A Texas energy firm has abandoned its bid to build hundreds of wind turbines in Dunnigan Hills, according to a letter to one of the landowners.
“In the end, we were not able to secure a partner,” said Patrick Buckley of Pioneer Green Energy, in a letter to Charlie Schaupp explaining why the company was pulling out.
Buckley said changes in the renewable energy market caused by cheap solar power, as well as “uncertainty regarding federal policy,” doomed the project. The company’s contractual agreements with Schaupp and other landowners were terminated as of June 1.
Pioneer Green Energy hoped to build as many as 400 360-foot-tall wind turbines in Dunnigan Hills west of Interstate 505. Its nearly two-year effort – under the auspices of Dunnigan Hills Wind I, LCC, a subsidiary based in Woodland – included putting up weather towers in the area, according to David Morrison, assistant director of the Yolo County Planning Department.
“They submitted two applications for 11 meteorological monitoring towers and were approved,” Morrison said. “Three were actually built. The meteorological towers were to gather data to determine the feasibility and design for the 400 wind turbines.”
Morrison added that it is the company’s responsibility to remove the towers. He also said the local office appears to be shut down, and “It is my assumption that they are no longer interested in pursuing the project.”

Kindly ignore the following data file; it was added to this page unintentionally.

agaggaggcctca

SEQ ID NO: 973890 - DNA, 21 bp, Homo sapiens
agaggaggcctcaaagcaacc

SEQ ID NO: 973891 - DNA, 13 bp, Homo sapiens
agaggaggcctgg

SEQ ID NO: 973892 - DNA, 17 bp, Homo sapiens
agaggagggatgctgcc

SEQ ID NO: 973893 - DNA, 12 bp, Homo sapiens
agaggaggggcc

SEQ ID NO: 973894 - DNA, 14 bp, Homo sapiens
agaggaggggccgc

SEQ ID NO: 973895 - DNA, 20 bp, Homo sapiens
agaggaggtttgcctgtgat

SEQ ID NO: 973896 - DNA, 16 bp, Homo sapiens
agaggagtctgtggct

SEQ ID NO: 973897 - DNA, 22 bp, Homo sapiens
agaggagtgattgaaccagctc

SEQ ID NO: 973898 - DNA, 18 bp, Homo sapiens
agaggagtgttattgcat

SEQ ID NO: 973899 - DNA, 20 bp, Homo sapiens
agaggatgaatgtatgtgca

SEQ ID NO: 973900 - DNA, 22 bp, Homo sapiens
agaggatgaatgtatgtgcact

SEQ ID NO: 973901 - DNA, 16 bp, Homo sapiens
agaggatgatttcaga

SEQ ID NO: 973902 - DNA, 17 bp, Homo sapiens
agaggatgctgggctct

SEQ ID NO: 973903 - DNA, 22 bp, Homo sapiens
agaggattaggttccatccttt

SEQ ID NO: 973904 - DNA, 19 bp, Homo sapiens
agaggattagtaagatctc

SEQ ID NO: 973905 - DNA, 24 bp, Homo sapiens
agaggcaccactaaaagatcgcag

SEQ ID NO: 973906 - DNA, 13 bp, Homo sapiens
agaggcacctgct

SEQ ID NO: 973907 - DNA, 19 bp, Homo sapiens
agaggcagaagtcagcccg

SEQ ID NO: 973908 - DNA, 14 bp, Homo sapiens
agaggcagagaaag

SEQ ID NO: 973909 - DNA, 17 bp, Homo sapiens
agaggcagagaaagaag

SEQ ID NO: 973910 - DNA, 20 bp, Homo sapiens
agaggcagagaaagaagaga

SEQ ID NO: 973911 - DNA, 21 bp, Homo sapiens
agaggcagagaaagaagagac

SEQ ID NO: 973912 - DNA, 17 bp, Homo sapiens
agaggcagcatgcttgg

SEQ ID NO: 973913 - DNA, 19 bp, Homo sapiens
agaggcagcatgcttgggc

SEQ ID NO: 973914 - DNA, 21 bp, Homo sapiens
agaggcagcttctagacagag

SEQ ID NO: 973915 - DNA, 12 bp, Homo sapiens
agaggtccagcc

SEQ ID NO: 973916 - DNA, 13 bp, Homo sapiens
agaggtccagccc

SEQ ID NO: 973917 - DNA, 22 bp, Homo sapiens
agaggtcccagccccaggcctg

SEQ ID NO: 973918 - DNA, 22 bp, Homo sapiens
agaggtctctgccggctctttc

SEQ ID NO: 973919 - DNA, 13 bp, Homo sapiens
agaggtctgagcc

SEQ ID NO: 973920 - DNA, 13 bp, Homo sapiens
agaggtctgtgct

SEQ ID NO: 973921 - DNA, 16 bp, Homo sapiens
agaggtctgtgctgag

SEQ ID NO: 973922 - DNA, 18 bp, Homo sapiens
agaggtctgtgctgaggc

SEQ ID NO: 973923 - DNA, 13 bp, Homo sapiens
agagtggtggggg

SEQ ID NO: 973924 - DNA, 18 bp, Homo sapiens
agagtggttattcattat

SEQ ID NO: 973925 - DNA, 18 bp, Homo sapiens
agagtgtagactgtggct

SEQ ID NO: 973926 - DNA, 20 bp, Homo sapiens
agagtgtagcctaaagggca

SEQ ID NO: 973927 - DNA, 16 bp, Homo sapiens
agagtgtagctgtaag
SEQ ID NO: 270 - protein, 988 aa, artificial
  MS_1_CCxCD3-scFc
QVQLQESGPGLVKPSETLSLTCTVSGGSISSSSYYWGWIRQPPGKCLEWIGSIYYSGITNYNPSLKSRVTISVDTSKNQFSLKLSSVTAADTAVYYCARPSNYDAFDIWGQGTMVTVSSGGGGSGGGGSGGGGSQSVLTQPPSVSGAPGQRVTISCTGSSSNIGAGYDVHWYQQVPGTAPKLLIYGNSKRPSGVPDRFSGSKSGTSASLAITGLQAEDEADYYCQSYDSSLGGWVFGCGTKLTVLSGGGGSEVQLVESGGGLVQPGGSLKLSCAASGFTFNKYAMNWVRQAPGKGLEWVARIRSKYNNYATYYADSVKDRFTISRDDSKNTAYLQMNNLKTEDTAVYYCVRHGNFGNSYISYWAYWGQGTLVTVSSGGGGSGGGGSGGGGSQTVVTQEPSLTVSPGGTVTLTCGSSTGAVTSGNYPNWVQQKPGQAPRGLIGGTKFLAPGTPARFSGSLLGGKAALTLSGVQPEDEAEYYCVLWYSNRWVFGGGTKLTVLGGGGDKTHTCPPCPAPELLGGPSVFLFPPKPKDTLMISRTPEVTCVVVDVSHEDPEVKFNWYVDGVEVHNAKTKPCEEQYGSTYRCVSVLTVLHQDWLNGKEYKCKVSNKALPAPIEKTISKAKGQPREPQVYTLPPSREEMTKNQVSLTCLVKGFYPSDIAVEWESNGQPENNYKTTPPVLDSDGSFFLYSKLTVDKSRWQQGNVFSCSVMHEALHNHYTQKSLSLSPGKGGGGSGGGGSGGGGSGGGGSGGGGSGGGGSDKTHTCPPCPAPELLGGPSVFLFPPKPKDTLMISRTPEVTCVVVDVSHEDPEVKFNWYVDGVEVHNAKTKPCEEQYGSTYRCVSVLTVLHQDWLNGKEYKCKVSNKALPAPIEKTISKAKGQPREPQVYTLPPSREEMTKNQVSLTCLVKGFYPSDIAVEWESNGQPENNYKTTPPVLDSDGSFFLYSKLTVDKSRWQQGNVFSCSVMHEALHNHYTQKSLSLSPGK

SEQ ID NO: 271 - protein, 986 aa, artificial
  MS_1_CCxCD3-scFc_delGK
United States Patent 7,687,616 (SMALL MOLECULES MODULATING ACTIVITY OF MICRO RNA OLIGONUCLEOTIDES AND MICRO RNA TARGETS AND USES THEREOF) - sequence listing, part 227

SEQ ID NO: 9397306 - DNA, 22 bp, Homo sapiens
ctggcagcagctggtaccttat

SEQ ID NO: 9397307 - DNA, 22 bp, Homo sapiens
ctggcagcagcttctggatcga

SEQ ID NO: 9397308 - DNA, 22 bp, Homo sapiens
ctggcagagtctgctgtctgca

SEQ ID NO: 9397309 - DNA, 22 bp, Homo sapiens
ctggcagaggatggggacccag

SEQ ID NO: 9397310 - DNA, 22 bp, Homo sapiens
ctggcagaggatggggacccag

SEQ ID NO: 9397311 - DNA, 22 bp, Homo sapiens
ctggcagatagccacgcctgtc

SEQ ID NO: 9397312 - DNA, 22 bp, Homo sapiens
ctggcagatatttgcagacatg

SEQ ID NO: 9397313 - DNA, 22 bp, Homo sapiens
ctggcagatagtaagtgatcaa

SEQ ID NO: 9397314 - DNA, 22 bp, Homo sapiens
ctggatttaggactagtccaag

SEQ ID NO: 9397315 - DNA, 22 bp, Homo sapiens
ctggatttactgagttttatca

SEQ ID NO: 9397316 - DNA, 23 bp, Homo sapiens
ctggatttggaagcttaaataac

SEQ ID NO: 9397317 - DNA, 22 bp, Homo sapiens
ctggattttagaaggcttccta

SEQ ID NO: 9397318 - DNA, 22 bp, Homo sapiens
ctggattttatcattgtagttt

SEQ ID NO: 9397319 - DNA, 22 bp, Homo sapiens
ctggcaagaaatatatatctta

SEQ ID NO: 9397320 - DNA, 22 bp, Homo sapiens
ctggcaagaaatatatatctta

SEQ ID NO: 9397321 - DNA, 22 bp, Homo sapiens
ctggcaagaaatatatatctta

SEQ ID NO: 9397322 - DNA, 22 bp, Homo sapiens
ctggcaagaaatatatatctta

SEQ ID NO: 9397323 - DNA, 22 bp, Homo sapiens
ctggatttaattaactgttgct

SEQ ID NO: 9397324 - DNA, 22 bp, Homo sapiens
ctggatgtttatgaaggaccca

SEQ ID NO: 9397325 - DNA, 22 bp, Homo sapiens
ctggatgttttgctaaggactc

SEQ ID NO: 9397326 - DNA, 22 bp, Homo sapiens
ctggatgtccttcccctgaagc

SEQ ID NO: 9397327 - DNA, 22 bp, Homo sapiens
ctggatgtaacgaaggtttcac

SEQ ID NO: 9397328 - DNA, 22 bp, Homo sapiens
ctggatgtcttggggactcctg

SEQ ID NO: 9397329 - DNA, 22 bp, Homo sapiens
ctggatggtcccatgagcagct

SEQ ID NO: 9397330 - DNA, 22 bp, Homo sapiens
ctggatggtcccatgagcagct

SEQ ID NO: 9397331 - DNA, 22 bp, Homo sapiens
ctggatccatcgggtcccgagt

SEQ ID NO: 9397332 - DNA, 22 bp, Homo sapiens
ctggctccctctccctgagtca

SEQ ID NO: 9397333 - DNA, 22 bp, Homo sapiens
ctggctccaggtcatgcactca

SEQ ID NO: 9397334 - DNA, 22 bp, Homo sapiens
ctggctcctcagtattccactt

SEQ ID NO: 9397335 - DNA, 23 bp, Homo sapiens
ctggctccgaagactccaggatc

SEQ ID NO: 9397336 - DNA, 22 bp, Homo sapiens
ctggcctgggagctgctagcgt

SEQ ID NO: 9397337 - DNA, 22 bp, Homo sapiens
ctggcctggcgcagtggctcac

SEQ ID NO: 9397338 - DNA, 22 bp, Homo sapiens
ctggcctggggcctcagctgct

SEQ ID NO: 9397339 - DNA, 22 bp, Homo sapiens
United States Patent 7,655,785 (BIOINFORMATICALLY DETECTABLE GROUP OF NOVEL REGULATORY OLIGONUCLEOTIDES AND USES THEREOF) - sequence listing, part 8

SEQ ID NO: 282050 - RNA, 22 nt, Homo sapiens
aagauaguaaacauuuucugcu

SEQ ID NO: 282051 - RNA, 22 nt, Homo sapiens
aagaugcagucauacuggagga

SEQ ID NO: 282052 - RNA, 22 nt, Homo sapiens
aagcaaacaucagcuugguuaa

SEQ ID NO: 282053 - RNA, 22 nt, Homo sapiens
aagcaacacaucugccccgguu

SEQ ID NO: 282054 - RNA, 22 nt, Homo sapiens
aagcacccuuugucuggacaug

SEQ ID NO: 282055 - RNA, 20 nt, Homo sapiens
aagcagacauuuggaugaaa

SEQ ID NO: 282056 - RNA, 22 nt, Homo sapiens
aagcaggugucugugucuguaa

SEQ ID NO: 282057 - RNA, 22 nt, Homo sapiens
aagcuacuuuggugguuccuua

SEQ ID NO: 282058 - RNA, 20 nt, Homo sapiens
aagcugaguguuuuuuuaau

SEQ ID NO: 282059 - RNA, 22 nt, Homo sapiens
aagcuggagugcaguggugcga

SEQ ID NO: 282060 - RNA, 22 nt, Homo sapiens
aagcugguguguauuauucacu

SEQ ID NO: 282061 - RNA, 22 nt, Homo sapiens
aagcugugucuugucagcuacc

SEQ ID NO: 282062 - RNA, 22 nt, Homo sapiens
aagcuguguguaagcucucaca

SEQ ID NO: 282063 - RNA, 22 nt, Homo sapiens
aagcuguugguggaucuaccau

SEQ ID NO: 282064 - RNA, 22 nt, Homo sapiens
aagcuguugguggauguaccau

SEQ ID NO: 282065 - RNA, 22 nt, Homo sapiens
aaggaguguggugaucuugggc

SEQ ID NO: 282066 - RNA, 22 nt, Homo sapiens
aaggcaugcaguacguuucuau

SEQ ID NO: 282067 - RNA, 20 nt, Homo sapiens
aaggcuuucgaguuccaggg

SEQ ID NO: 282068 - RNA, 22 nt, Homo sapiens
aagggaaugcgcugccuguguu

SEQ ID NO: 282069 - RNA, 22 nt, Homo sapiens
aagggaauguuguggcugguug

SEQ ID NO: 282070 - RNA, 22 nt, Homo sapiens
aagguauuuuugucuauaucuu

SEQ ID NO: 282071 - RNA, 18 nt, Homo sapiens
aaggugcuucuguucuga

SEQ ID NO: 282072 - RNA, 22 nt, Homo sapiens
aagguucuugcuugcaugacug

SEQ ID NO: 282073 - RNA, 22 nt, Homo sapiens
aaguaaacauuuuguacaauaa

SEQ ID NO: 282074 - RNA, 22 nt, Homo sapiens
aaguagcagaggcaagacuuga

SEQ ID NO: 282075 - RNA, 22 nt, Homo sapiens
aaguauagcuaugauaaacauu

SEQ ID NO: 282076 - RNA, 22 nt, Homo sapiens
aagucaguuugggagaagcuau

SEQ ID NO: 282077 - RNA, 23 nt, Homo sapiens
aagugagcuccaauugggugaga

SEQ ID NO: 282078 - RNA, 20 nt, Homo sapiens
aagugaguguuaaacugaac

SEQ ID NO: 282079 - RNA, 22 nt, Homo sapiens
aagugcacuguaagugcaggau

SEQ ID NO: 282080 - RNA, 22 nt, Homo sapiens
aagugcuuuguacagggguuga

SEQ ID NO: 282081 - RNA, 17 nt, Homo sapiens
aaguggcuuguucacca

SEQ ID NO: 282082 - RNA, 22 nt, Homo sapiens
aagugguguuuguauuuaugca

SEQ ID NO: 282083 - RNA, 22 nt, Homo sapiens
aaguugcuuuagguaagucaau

In his letter, Buckley stated that “It is likely this is
not the end for wind energy in the Dunnigan Hills. … While we may have been too early to the table, we are confident that this area will host a wind project one day.”
Many nearby residents strongly oppose the idea, however, saying that wind farms ruin the land without even providing green-energy benefits such as reduced carbon emissions.
“The noise and strobing lights from similar towers have driven residents from their homes, tourists from quiet country, and birds and wildlife from their habitat,” wrote Mary Jo Hoes of Zamora Hills.
Even Schaupp said he thought the proposal “was foolhardy from the start as the wind doesn’t blow in that area during peak energy demands.”
Greg Buis, Pioneer Green Energy’s vice president, was not available for comment as of press time.
This go-round, Buckley said, the company “put together over 27,000 acres of land, gathered nearly two years of wind measurements, conducted numerous environmental studies and assessed the interconnection process.” Also, he said, employees “had the opportunity to meet the many great people of Yolo County.”
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